She points out that the institutional framework as we know it today in South Africa is still very young. “I have no doubt that it will be one of the best in the world in years to come because the structures are perfect and everybody is working well together, but there are gaps that need to be addressed in terms of industry involvement.” The one thing we need to take into consideration when developing qualifications, is the fact that we cannot forget we also have a very strong Bargaining Council in South Africa that also deals with formulating skills profiles, skills-based job-grading systems and training-related issues from both the labour and employer side. Only parts of available data is fed into the SETA system which ultimately informs Sector Skills plans, which is the roadmap to your education and training institutions, such as universities and the TVET system.
“The problem is that this data can be inaccurate due to a lack of research resources and does not accurately reflect what the industry needs are at any moment in time. From an industry perspective there is also no incentive for employers to release specific subject matter experts or practitioners to these training structures to help develop the required qualifications. Public comment periods on qualification content is also often too short which leads to poor participation in the process. Clearly this exacerbates the skills gap and if we look at the main components of the quality assurance system for apprenticeships in South Africa, focusing specifically on workplaces and assessment centres, the end result is a lot of outdated curriculum and an inability to upgrade equipment due to limited investment,” says Esterhuizen.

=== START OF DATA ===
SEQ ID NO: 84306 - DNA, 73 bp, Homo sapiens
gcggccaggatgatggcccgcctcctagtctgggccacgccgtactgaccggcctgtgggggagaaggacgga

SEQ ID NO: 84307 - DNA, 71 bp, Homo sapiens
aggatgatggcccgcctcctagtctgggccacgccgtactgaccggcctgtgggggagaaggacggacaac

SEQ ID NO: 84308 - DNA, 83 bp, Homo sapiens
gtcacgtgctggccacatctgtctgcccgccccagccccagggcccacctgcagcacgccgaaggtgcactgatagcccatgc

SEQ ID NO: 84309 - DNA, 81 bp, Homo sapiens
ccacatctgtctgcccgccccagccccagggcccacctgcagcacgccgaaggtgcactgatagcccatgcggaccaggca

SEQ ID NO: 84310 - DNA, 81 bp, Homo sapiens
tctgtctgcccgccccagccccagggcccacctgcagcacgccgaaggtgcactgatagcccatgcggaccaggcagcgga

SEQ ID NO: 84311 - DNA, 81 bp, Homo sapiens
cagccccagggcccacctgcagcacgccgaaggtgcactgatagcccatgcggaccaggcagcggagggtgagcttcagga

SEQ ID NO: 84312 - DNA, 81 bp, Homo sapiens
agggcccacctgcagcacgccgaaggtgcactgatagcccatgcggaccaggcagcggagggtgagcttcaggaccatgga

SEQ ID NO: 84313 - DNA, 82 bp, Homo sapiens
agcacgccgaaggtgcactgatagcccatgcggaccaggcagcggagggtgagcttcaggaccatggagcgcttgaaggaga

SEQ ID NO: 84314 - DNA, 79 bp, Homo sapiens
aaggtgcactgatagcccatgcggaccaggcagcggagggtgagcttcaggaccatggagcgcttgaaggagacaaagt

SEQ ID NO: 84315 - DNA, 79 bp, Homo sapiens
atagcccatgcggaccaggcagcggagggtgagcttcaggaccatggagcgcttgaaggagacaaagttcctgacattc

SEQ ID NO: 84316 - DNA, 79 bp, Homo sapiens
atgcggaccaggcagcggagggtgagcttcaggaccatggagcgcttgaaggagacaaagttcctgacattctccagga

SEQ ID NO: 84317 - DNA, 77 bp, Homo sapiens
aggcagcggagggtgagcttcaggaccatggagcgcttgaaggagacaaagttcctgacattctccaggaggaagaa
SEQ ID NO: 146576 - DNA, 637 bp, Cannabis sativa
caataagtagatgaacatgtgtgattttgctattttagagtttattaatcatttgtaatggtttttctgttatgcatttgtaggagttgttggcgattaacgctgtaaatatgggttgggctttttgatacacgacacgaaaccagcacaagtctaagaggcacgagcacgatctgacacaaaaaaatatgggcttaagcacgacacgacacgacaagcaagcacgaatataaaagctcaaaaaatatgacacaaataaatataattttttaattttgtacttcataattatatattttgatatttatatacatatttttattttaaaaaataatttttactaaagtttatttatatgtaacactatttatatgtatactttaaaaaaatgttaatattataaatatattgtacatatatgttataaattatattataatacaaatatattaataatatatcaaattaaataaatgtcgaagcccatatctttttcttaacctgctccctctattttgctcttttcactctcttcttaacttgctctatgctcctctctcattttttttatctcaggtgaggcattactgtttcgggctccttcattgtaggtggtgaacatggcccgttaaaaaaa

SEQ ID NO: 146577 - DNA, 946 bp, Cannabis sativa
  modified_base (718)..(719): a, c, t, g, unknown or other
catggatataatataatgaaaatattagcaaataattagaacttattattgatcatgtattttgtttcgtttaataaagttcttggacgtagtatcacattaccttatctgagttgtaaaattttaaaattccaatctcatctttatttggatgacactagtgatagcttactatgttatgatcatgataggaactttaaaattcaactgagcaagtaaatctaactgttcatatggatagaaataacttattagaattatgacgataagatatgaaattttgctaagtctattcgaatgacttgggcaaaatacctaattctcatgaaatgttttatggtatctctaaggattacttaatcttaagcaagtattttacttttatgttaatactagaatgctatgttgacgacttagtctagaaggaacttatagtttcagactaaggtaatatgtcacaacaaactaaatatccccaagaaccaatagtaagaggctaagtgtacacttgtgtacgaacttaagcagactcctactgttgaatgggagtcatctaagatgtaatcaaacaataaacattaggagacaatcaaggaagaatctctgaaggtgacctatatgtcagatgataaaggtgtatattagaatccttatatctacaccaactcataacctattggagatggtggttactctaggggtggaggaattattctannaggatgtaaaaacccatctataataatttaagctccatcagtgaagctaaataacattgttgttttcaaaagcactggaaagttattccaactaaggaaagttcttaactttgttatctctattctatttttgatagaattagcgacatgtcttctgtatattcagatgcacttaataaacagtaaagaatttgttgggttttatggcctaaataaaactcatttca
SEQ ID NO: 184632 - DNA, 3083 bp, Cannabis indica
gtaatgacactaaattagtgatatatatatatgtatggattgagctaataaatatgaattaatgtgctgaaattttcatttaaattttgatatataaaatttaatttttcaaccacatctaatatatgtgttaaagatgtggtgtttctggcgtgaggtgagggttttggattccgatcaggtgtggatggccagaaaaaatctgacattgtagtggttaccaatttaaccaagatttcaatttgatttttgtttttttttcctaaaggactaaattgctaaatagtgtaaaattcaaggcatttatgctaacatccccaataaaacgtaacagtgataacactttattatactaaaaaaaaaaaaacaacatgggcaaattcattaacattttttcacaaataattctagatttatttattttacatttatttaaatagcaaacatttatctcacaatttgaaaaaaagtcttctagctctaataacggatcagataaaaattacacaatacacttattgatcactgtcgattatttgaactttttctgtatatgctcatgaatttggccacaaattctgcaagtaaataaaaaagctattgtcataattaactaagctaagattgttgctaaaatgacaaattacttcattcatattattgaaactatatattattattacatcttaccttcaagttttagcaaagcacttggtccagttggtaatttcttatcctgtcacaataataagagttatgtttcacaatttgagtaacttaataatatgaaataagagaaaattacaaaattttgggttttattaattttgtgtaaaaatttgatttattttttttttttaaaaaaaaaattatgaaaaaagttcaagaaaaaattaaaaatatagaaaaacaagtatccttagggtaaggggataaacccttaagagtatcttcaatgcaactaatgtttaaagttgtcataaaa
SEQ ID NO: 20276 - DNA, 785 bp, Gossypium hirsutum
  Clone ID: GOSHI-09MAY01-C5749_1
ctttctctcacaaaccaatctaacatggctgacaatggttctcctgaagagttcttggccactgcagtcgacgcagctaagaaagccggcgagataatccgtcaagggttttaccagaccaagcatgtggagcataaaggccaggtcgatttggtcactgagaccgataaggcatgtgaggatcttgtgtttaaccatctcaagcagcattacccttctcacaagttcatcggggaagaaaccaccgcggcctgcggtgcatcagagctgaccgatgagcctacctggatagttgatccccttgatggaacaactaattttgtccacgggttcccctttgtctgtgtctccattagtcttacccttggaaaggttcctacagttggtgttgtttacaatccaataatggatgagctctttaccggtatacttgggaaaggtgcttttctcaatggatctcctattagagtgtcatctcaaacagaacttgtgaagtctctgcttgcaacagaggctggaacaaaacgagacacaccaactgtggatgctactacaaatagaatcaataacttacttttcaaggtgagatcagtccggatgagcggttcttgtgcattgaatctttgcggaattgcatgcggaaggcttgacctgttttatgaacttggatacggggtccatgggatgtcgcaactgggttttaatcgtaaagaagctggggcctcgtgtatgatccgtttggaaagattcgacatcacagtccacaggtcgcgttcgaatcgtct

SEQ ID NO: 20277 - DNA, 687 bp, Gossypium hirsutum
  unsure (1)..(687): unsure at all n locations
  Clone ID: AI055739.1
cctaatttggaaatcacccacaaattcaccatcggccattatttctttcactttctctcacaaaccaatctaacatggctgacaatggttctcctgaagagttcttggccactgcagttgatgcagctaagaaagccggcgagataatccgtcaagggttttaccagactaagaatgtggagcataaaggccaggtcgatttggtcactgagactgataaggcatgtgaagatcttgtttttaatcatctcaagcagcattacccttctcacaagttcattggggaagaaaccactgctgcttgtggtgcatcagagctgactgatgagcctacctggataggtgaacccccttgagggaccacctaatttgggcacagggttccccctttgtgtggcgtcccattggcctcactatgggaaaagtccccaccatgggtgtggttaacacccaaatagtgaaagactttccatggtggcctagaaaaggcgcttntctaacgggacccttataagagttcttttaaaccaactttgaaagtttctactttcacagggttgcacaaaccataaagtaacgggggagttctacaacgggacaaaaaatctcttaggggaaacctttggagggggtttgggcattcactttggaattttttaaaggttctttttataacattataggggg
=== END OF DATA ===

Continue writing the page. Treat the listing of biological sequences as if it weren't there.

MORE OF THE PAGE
Regional level engagement
She says the geographical topography of our country also leads to low levels of engagement at a regional level. “Covid has pushed us further into that space and has highlighted the need to improve data issues so that when these are resolved, interaction with industry can be increased, especially in terms of giving input into what occupations are required and what kind of specialization areas are needed. We then need to ensure the right people are represented on the structures and integrate the government structures more, so organisations can stop operating in silos.”